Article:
Postmortem computed tomography (PMCT) has recently become important to clarify the cause of death in forensic medicine. It has also been proven to be useful for in-hospital deaths to a certain extent when interpreted by radiologists. However, accuracy of the interpretations of PMCT by non-radiologists remains to be elucidated. Nevertheless, they are often required to write death certificates based on the findings of PMCT in the absence of radiologists in Japan. We compared the interpretations of postmortem head CT (PMCT-H) by non-radiologists with the autopsy findings.
This study included 13 patients who underwent both brain dissection at autopsy and PMCT between June 2011 and December 2014. All cases were non-traumatic in-hospital deaths. Interpretation of PMCT was performed by the clinicians in charge of the patients, not by radiology experts.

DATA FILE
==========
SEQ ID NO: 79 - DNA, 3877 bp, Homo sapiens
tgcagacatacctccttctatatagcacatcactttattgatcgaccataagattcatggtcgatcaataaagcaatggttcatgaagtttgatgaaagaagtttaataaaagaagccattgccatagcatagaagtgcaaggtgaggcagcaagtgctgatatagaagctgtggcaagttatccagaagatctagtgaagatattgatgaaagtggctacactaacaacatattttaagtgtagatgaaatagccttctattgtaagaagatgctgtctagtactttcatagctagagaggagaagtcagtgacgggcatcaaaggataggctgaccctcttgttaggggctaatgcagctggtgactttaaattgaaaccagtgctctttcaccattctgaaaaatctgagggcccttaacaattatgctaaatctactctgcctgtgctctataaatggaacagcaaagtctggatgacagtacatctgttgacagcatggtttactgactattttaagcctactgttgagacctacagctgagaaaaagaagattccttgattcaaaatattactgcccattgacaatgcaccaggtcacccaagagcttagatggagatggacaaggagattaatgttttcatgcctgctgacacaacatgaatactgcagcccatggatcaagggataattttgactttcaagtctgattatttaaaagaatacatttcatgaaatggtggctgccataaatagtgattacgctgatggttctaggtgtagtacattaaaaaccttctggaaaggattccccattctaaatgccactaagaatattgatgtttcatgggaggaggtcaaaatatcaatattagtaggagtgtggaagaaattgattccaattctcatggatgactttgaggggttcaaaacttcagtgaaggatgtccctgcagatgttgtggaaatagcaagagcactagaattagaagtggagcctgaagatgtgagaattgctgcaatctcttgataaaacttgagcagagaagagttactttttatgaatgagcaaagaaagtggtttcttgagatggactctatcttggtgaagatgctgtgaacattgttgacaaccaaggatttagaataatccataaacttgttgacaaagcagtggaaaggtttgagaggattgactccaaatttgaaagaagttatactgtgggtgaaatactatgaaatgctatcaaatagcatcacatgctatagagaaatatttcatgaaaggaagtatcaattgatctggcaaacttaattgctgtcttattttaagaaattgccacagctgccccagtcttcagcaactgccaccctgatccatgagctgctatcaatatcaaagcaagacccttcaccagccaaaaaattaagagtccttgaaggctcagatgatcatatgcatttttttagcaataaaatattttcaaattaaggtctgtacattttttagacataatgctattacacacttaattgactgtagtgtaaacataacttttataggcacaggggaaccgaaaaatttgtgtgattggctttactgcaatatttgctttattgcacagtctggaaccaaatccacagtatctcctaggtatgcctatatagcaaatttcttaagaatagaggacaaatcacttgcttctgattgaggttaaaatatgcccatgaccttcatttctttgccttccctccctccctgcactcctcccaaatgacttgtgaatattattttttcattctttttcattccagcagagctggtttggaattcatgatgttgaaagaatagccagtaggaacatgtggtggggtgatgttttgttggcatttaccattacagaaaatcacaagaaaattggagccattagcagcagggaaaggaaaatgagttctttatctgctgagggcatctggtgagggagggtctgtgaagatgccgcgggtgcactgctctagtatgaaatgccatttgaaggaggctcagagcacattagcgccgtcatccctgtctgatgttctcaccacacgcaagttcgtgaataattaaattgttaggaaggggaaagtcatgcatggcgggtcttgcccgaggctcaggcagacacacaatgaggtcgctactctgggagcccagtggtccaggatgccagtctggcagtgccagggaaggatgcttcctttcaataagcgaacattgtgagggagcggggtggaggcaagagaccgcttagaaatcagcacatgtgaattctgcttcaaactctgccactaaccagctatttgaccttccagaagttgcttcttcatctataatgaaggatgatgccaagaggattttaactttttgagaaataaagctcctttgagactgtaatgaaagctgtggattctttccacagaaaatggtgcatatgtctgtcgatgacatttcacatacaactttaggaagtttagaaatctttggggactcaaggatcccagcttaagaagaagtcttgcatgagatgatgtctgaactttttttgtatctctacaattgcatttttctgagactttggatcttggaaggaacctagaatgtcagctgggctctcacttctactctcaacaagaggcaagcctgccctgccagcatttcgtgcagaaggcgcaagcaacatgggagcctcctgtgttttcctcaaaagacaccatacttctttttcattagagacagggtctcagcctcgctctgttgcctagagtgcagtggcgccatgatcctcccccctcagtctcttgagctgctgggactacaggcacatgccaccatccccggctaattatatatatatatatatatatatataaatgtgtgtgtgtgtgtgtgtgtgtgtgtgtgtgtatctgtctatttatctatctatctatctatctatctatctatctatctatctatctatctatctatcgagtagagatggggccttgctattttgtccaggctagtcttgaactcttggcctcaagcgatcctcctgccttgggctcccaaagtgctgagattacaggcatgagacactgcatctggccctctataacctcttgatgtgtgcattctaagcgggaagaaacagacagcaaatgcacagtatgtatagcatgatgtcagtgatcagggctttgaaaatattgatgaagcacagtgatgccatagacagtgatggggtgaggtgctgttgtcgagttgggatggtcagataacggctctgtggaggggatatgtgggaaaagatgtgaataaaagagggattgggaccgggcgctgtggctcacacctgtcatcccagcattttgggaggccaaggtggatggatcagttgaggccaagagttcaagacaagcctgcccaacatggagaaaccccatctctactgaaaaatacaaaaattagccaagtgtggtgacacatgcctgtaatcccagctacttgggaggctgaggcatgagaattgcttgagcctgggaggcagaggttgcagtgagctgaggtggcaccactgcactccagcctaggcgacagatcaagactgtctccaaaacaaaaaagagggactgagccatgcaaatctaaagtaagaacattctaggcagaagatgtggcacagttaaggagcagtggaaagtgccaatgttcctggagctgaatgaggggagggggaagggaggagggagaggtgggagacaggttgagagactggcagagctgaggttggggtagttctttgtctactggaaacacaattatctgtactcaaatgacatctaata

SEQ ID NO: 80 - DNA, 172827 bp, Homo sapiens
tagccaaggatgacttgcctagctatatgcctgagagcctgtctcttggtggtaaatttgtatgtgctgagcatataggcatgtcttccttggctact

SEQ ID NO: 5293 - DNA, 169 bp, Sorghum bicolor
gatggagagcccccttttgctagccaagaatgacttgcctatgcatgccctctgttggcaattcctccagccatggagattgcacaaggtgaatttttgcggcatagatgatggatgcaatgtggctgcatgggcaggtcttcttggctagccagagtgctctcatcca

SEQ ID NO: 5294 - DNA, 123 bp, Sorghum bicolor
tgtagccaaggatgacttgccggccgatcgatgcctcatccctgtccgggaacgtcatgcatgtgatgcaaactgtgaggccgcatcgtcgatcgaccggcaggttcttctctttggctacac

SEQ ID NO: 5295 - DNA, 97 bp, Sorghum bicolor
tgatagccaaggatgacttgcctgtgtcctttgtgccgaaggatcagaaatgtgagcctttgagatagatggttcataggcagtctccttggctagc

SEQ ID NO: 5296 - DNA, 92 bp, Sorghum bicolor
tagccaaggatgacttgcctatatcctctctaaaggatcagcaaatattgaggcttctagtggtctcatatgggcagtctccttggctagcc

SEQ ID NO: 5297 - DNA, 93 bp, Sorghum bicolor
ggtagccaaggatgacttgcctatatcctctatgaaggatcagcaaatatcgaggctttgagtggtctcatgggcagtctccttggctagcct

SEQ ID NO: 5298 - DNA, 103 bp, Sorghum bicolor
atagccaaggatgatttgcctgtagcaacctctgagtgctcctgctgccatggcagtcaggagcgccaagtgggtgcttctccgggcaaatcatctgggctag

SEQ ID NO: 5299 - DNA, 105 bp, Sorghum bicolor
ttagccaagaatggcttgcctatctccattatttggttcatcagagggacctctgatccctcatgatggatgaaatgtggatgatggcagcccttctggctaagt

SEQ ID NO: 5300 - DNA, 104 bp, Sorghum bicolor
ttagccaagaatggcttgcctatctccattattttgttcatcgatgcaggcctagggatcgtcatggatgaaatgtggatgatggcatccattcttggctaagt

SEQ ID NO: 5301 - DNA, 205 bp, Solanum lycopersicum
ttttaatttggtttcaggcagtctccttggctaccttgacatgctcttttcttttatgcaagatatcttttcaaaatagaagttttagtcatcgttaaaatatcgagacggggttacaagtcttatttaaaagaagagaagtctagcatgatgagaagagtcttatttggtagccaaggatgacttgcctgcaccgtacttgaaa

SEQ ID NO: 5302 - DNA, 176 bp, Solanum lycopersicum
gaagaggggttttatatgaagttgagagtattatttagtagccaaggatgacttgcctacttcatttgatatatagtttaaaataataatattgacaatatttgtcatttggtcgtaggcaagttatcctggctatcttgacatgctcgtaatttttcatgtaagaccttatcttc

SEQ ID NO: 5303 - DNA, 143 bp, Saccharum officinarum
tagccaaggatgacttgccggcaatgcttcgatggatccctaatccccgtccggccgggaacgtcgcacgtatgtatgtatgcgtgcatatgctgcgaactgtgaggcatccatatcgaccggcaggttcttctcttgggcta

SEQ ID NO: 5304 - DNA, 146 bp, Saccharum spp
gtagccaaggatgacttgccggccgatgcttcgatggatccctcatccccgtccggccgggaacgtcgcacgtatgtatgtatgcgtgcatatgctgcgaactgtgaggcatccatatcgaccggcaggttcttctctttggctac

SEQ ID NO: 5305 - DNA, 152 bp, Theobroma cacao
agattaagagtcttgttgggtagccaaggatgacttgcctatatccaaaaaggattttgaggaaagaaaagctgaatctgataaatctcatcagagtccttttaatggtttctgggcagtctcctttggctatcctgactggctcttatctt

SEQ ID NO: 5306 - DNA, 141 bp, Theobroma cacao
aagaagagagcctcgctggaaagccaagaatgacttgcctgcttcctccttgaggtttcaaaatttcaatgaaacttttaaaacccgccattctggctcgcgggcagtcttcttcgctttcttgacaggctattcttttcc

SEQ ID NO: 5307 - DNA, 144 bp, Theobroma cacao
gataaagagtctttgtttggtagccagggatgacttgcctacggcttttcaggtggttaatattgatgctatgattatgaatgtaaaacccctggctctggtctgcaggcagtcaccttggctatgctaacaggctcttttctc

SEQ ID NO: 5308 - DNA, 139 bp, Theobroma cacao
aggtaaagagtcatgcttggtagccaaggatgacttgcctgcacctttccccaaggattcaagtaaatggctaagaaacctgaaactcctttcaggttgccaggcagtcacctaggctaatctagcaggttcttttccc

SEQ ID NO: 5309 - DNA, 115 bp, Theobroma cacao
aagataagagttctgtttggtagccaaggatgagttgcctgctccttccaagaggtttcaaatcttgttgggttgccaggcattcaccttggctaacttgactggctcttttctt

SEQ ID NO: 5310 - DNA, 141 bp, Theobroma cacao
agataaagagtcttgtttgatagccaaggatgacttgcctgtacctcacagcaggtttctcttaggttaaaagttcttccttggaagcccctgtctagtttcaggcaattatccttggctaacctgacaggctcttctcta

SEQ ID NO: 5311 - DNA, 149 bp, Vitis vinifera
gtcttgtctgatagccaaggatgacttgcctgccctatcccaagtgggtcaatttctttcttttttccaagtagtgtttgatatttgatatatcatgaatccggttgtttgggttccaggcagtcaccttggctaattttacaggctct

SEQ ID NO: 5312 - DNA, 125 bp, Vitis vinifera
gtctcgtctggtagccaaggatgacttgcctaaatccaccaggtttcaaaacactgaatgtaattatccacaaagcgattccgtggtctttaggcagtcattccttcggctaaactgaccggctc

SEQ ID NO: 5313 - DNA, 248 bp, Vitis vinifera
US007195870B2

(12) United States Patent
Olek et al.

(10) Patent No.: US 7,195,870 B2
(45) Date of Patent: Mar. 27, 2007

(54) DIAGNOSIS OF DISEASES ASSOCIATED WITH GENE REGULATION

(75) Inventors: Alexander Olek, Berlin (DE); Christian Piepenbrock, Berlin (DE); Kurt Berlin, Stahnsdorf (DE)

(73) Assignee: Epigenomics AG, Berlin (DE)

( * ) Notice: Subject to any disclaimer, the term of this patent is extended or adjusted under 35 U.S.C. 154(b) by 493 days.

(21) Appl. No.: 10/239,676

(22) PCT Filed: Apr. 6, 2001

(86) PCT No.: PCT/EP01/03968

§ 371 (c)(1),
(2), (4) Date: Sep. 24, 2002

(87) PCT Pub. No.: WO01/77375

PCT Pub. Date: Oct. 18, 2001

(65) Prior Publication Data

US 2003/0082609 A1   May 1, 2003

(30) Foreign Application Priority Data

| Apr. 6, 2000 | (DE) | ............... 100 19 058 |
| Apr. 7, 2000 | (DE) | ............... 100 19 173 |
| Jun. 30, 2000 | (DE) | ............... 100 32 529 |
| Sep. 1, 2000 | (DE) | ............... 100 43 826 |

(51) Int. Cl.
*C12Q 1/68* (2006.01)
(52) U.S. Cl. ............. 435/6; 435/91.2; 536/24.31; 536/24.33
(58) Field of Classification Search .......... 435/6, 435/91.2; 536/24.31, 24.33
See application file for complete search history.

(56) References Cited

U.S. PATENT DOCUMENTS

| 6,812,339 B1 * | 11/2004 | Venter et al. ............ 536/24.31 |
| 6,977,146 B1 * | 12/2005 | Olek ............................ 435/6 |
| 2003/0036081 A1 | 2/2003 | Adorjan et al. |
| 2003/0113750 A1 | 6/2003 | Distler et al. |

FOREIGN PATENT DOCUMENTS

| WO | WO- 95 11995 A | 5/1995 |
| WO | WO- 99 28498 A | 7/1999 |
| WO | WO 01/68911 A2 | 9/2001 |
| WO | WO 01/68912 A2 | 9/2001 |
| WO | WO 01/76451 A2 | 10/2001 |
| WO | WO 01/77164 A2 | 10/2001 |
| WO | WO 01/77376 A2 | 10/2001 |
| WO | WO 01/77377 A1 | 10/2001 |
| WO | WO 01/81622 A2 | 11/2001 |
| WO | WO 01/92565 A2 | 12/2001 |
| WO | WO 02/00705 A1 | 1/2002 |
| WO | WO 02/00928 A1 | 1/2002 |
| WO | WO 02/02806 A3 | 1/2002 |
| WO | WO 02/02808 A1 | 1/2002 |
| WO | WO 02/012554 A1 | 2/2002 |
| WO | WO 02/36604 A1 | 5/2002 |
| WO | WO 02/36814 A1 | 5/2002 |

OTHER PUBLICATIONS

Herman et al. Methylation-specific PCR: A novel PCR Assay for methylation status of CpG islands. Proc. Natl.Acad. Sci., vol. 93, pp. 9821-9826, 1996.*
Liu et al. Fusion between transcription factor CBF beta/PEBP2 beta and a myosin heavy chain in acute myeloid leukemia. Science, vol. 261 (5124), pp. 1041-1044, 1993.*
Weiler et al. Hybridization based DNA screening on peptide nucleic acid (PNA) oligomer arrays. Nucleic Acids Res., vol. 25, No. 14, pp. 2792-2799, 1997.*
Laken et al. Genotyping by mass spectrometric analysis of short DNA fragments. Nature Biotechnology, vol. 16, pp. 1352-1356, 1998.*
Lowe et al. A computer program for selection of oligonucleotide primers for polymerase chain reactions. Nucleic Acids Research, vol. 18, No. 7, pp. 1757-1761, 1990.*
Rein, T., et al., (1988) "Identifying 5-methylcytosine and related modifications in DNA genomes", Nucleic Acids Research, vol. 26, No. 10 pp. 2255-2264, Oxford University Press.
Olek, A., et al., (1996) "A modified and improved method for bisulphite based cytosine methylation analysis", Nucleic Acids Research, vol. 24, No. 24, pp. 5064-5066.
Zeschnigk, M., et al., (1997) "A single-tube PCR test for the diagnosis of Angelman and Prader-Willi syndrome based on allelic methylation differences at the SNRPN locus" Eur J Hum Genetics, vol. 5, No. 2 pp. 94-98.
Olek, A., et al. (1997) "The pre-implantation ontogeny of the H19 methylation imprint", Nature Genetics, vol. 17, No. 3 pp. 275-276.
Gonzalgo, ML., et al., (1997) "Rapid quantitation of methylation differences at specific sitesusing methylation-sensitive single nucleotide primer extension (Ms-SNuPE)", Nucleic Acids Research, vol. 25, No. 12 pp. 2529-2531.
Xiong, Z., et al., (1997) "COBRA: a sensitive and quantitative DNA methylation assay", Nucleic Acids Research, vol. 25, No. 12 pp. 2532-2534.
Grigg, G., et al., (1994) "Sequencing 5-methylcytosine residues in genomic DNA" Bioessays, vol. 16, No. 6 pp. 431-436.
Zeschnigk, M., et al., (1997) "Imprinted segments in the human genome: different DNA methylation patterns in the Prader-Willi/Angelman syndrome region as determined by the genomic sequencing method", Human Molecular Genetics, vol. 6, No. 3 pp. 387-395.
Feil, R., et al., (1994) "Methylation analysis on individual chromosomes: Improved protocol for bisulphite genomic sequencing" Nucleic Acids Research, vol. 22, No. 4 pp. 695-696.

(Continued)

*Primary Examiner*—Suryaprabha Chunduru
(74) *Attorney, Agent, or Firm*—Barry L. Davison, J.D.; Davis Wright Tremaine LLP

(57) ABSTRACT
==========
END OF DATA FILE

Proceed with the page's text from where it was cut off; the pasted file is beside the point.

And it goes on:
The patients were first examined with PMCT and then autopsies were performed. Ten out of 13 cases were confirmed to have no lesions in the cranial cavity by both PMCT-H and autopsy. Two cases were diagnosed with intracranial hemorrhage (intracerebral and/or subarachnoid hemorrhage) and one with recurrent malignant lymphoma by both the clinicians and the pathologists. Intracranial hemorrhages were thought to be the direct causes of mortality of the two patients, and recurrent malignant lymphoma was considered to be one of the cardinal findings of the cancer death. There were no discrepancies between PMCT-H and autopsy findings.
The interpretations of PMCT-H by non-radiologists were completely the same as the autopsy findings regarding the non-traumatic in-hospital deaths in this study. It is premature to draw a definitive conclusion at present, but PMCT-H might be as effective as autopsy not only for those lesions described above but also for no remarkable changes in the brain. There has been no report on such a comparison. We believe further verification of the validity of interpretation of PMCT by non-radiologists is worthwhile in terms of death certificates made out in the absence of radiology experts and pathologists.
Postmortem computed tomography
Article number: 978
BioMed Central Ltd
Faculty of Medicine